Archive for the ‘Agencies’ Category

Free Immigration Conference — Run By New York Experts

Monday, March 2nd, 2015

By Alice Kenny

Don’t get lost in litigation over President Obama’s Executive Action on immigration reform.

Sign up now for a free conference run by immigration experts.

Learn about the President’s proposed action that:

  •  Provides for unauthorized parents of U.S. citizens and lawful permanent residents (DAPA)
  •  Expands  the Deferred Action for Childhood Arrivals (DACA) program
  •  Includes other important initiatives

Take part in key-note presentations led by:

  • Faith leaders
  • Federal, state, and local officials, legal service agencies
  • Community-based agencies
  • National immigrant rights groups.

Participate in discussions that:

  • Examine federal, New York State and New York City policy, outreach, and Executive Action initiatives.
  • Explore legal services mobilization efforts by public and private entities and other collaborative programs in New York City, Long Island, and the Lower Hudson Valley, focused on outreach, public education on benefit eligibility and the risk of fraud, and provision of legal screening, representation and advocacy.
  • Address the role of non-legal, community-based institutions, particularly Catholic parishes, in ensuring the program’s success.

Catholic Charities of the Archdiocese of New York, Catholic Charities of the Diocese of Rockville Centre, Catholic Migration Services of the Diocese of Brooklyn, and the Center for Migration Studies of New York (CMS) will host this all-day event.

When:  March 25. 2014

Where:  The Sheen Center (in lower Manhattan).

Learn more.

Click to register now.

 Or email your name, title, organization and email address to cms@cmsny.org.

Free Dominican Festival & Independence Day Celebration

Thursday, February 26th, 2015

Rey del Carnaval del BoulevardIvan Dominguez is “maestro” in every way, a distinguished musician and a respected teacher.

And tonight, Thursday, February 26 at 7 p.m., this Maestro and Director of Catholic Charities Alianza La Plaza Beacon will be honored at the Dominican festival of dance and song, the Camerata Washington Heights & Conjunto Folklorico Dominicano, at City College’s Aaron Davis Hall.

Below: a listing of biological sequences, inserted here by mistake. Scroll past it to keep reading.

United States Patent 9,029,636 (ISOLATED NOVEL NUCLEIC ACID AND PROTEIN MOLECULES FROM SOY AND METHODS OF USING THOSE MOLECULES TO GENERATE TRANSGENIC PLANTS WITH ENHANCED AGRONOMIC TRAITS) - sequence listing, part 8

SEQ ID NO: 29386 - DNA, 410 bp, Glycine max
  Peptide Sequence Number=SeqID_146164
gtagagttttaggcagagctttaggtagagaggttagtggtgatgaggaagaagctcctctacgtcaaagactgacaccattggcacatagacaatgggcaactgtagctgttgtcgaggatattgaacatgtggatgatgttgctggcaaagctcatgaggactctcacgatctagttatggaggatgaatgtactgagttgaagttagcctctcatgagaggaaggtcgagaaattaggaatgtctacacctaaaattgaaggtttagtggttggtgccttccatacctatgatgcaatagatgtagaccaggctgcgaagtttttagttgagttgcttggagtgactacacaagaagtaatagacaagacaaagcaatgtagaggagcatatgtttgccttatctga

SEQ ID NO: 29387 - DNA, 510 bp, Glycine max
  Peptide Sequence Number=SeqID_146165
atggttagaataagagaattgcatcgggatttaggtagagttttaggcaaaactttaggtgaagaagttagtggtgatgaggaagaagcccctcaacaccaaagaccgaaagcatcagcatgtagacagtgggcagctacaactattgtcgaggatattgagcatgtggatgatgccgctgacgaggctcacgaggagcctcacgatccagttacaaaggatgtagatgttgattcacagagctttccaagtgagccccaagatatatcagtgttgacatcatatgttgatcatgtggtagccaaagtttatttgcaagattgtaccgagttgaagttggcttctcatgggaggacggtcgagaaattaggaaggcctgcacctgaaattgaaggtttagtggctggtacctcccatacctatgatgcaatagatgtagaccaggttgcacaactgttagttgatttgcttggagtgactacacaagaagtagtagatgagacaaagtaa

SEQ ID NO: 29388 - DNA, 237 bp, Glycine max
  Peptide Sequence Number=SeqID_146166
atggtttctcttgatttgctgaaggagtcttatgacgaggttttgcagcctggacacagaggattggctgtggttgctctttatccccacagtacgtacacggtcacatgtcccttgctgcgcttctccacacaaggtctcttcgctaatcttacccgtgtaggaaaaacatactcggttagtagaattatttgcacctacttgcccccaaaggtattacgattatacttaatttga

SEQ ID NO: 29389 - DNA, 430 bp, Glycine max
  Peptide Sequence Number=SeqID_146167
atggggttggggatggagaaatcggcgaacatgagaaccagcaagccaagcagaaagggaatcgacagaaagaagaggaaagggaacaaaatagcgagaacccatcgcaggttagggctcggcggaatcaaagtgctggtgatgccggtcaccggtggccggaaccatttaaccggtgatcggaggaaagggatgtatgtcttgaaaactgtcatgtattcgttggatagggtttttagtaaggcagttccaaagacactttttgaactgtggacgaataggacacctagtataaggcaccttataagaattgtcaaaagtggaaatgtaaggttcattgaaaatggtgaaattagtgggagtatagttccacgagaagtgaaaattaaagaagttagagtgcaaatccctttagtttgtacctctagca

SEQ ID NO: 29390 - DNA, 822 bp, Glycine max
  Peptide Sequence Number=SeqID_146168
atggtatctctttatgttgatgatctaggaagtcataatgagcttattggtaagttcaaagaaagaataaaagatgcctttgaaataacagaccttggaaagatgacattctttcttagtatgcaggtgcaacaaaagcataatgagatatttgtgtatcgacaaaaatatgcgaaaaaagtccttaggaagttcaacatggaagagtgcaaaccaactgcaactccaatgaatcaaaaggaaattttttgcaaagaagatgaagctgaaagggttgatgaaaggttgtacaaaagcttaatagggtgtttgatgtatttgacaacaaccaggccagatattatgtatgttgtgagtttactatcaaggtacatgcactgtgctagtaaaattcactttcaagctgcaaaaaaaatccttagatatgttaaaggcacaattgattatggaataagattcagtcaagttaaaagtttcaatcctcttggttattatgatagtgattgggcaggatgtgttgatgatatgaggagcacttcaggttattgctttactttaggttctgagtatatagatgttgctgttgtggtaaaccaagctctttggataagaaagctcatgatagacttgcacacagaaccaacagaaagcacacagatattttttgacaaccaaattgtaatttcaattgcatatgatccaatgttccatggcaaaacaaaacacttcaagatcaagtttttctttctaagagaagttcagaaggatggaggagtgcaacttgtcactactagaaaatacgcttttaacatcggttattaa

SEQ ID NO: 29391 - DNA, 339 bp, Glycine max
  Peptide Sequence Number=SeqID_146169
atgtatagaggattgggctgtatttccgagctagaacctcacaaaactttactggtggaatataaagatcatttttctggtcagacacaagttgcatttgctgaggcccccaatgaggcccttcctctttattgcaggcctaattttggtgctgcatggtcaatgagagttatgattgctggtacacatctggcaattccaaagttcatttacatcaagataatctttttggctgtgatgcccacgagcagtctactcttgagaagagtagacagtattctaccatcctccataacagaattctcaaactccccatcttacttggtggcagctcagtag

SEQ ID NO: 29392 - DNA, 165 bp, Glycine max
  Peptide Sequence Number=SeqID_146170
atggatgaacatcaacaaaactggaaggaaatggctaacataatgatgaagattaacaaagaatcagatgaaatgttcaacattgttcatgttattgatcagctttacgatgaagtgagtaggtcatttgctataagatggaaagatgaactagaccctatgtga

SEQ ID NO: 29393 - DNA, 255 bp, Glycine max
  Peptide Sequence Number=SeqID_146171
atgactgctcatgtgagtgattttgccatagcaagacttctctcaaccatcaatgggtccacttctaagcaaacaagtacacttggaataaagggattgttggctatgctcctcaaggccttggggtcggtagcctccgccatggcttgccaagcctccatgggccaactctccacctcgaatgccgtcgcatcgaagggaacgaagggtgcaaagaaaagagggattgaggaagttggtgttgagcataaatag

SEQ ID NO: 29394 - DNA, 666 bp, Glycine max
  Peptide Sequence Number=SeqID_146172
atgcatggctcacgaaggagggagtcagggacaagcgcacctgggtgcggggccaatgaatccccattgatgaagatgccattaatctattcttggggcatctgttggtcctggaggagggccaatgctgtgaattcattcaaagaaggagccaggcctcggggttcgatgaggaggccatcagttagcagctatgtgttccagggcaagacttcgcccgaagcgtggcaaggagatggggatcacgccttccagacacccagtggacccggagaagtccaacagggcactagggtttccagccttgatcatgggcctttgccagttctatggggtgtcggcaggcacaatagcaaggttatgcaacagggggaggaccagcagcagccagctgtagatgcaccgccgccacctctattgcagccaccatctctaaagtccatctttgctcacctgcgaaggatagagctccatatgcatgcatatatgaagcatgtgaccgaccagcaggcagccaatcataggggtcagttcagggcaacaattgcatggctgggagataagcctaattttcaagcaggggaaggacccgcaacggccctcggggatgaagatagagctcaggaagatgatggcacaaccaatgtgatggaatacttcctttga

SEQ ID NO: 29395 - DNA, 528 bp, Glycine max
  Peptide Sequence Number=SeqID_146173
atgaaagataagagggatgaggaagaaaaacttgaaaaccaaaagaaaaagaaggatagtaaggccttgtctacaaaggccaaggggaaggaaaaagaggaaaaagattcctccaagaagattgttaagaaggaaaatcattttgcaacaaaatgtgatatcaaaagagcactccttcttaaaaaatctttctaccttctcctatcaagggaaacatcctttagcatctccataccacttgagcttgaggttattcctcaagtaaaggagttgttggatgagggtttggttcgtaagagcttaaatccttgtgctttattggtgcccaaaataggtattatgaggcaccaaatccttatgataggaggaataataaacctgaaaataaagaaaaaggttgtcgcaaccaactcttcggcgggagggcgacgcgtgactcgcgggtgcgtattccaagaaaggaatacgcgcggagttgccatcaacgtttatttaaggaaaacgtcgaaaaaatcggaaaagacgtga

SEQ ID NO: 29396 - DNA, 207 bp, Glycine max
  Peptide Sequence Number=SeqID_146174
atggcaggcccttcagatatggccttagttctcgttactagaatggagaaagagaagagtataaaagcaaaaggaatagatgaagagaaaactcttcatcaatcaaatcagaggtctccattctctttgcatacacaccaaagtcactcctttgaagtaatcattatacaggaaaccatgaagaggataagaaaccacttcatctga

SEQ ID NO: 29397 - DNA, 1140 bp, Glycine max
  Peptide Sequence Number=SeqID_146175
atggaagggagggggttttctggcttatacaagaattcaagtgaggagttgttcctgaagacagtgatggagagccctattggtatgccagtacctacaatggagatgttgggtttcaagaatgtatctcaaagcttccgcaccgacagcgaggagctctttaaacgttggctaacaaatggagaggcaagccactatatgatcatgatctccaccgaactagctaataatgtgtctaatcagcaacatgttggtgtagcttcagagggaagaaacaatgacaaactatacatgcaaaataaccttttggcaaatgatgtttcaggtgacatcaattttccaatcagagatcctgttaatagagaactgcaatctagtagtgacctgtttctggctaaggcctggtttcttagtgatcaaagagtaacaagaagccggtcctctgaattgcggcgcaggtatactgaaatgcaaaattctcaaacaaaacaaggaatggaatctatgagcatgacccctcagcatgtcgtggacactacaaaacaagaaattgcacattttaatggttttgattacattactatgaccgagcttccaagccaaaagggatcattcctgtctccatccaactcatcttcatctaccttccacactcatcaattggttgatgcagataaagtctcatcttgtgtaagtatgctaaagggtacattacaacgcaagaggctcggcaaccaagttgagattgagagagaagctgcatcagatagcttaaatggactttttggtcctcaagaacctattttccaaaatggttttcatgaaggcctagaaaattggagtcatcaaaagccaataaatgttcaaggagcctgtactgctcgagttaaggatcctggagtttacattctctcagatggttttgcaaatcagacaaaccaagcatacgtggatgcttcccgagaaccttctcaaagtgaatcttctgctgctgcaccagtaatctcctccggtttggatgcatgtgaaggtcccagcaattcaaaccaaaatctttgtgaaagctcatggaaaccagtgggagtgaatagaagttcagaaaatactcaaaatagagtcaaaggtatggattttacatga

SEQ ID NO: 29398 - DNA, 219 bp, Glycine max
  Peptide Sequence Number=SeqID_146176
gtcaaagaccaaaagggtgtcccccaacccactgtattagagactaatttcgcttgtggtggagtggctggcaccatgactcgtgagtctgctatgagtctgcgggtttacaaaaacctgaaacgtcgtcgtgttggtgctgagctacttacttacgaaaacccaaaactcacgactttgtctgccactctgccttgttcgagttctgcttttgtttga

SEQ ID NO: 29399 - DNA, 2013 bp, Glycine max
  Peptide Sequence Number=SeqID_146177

Eight of the evening’s performers began studying Dominican dance with Mr. Dominguez as young children at Alianza La Plaza Beacon, a division of Catholic Charities that provides cultural activities, recreation and homework help for neighborhood youth.  Now, after more than a decade training with this “maestro” they have performed up and down the East coast, from Washington DC to Providence, from Boston and tonight to Aaron Davis Hall at the City College of New York.

“It’s important for children in this multicultural country to know about our cultures, to know where we came from so we can understand ourselves and show respect to others,” Mr. Dominguez says.

Catholic Charities along with key elected officials and organizations is sponsoring the evening’s free event in commemoration of Dominican Independence Day.

 

Help a Woman. Volunteer.

Friday, February 20th, 2015

Another Volunteer Opportunity that needs Volunteers!

Students at our affiliate that trains women for careers,  Grace Institute, need your support, advice, guidance and inspiration. Make a difference in their lives by participating in our Brag Party!

Brag Party!
Thursday, March 19, 2015
9:00 AM-1:00 PM
New York, NY 10037

If you know someone who would be interested in this event please feel free to forward it on to them!

 

Pick Up a Basketball, Not a Gun

Monday, February 16th, 2015

basketkenn2011mothers 019By Alice Kenny

Put the guns down.
Pick up the ball.
And let’s recreate.

That’s the plea for the third year straight of Harlem Mothers S.A.V.E., an empowered group begun by five broken-hearted Harlem mothers who lost their sons to gun violence.

Their goal is to provide positive alternatives, specifically basketball, to keep teenage boys away from the street’s vices.

To support them, Catholic Charities will once again host a basketball tournament at our Lt. Joseph P. Kennedy Jr. Memorial Center during the mid-winter school recess, starting today, February 16, and ending Friday, February, 20, 2015.  The tournament this year will be offered exclusively to teens detained in local juvenile facilities.

“Together,” they say, “we can silence the violence.”

Catholic Charities Lobbies Albany in the Front Rooms, Face to Face

Friday, February 13th, 2015

albanyselfiesBy Alice Kenny

Battling nearly a foot of snow, Catholic Charities New York representatives organized a show of force in Albany on February 9 – 10 to persuade state leaders to expand Governor Cuomo’s proposed plan to combat poverty.

They joined local Catholic Charities affiliated agencies along with the New York State Council of Catholic Charities Directors that represent all eight dioceses across the state.

The troops maximized their strength on these two frigid days by meeting with every human services chair person in both houses of the legislature and with representatives from the governor’s office.

Their goal, to battle back inequality, was overwhelming.  But their plan to fund it was simple.

New York State received more than $5 billion in recent settlements with banks accused of misconduct.  Surely, they reasoned, a significant percentage of this windfall should be earmarked for the one out of five impoverished families in New York State.